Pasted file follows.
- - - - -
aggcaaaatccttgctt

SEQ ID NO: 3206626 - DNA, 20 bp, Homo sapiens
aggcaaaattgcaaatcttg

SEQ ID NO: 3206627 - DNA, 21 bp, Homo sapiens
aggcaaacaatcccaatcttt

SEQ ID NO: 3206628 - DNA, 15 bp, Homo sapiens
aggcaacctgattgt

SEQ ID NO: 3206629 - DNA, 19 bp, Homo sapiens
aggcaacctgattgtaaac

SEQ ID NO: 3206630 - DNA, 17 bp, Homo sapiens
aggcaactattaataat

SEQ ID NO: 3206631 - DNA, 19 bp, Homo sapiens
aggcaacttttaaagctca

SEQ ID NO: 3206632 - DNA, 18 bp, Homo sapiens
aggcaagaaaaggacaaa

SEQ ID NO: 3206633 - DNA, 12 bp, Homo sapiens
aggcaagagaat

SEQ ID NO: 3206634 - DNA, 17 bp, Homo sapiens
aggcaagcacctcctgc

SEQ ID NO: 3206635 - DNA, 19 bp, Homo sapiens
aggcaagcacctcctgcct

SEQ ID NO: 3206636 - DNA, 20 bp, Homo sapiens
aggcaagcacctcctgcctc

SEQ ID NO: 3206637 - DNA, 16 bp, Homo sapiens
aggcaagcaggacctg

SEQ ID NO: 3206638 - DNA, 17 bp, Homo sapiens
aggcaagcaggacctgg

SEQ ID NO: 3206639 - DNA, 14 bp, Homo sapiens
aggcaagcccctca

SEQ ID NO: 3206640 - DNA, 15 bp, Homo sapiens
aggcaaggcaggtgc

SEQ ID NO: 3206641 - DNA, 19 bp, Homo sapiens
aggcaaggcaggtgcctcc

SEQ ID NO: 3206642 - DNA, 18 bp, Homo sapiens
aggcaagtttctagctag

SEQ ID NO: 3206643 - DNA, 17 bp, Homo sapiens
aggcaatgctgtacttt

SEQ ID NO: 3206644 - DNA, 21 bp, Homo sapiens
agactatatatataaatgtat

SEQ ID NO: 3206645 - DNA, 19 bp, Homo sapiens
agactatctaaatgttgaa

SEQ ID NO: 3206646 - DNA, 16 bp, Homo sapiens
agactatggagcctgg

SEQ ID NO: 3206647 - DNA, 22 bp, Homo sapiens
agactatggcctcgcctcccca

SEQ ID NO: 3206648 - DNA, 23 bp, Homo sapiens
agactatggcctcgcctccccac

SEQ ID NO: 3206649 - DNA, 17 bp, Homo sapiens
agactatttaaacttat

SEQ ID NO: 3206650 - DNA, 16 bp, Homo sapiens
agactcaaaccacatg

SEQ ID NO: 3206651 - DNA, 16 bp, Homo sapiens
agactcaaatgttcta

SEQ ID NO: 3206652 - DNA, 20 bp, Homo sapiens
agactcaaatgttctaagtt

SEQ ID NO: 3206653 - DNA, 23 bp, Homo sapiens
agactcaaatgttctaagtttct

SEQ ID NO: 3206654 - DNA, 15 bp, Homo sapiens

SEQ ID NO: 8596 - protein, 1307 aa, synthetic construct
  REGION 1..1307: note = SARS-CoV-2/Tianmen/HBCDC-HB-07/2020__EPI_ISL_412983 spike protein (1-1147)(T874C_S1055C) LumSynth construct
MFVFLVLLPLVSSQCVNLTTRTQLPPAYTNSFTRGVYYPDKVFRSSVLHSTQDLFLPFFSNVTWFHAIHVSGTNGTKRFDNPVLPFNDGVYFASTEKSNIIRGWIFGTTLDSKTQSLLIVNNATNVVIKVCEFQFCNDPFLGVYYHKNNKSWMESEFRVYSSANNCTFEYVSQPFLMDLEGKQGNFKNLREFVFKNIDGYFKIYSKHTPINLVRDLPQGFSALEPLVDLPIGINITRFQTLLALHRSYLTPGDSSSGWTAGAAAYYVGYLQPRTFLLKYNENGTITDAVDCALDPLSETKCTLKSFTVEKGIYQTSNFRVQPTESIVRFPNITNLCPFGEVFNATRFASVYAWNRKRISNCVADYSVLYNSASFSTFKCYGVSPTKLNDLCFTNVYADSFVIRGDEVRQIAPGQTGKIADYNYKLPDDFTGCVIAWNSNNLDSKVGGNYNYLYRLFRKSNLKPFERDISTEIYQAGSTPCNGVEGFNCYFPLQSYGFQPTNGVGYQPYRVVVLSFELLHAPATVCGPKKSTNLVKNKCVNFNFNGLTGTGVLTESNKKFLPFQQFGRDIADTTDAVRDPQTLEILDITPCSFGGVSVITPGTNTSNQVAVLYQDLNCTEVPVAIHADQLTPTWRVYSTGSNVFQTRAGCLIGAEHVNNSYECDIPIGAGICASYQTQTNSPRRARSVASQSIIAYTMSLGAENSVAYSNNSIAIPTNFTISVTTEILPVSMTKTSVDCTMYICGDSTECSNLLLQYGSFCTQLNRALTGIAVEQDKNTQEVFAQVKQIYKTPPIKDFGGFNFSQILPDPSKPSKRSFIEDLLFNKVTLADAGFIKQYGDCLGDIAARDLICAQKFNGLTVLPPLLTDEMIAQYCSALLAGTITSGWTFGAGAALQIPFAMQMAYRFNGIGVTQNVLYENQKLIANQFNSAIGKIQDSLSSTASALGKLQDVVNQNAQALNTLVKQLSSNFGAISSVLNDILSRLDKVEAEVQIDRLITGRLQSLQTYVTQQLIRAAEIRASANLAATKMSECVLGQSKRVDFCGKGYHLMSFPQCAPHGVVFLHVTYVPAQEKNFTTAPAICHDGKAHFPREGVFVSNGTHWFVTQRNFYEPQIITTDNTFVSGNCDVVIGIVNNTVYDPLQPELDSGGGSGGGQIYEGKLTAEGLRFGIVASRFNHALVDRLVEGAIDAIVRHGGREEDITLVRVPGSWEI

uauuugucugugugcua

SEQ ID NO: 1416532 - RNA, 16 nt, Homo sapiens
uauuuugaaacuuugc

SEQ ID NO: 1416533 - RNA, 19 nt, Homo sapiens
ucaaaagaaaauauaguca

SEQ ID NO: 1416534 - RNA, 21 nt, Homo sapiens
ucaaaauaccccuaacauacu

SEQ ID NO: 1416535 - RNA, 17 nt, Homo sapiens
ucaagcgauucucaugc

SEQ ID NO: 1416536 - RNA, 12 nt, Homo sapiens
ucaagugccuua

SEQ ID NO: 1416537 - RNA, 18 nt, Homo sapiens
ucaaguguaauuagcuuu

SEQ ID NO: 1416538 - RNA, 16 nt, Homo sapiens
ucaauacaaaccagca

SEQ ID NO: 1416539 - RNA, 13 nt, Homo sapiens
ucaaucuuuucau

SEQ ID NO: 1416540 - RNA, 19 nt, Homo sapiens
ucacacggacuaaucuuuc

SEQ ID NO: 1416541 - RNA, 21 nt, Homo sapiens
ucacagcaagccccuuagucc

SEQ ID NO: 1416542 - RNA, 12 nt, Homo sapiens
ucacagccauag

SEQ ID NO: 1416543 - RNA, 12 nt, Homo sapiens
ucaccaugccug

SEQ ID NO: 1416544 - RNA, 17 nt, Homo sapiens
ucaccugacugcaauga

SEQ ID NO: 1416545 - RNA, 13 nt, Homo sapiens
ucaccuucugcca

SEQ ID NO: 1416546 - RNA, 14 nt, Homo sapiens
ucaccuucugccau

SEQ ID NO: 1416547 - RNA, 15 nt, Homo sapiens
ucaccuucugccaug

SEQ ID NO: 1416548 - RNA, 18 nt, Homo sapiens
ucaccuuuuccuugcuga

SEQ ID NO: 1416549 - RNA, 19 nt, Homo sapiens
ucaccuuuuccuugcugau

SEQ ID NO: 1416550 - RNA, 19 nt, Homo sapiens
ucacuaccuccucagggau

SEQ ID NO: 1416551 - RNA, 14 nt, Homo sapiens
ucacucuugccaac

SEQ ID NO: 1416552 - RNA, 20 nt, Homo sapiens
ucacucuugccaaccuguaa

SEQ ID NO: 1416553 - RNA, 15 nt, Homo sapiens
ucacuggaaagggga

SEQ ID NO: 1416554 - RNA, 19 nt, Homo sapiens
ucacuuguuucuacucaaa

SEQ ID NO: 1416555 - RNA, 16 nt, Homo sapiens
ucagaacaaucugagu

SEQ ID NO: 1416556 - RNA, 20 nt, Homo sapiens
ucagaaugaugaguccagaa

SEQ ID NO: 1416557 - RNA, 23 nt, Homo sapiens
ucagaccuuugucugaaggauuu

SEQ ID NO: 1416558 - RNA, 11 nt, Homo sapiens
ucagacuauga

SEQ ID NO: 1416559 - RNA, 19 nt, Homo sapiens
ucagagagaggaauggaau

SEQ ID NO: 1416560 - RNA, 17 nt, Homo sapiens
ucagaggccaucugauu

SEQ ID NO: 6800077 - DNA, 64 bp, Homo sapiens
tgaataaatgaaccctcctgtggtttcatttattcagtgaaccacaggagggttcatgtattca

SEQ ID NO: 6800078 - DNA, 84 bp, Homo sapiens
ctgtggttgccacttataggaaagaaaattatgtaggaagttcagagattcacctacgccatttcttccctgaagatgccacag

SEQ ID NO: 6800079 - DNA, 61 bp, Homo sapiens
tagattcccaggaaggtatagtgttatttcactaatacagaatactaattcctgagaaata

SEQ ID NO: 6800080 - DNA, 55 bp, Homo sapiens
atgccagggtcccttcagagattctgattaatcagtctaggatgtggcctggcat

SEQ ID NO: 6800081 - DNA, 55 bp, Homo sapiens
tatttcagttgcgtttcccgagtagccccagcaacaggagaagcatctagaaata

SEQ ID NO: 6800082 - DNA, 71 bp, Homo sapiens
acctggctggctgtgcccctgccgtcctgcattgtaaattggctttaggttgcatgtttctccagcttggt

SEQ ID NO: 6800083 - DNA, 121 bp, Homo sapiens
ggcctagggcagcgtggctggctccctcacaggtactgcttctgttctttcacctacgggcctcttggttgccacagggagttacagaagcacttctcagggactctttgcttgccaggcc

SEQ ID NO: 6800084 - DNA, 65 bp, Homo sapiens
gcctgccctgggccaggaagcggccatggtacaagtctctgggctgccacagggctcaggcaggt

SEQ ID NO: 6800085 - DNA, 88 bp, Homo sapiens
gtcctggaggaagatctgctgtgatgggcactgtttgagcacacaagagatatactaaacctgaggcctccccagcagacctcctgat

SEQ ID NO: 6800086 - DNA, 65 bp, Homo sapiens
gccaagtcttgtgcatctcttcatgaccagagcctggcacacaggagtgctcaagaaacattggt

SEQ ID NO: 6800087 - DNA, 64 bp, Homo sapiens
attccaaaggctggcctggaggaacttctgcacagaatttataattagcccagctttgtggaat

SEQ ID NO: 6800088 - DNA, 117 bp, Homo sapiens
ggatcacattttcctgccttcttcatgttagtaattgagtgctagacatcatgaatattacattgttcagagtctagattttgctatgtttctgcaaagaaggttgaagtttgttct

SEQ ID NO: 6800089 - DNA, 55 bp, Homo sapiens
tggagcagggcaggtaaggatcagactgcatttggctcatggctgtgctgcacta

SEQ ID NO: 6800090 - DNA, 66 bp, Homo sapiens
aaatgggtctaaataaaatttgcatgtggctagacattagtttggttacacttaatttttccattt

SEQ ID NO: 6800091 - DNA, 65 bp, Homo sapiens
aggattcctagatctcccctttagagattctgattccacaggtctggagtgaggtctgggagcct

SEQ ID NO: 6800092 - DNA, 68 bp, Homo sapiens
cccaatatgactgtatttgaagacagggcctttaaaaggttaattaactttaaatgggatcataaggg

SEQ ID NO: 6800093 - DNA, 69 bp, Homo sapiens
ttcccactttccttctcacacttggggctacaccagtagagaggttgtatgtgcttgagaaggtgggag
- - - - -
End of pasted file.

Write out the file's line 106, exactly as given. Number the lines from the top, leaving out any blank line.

ucacuggaaagggga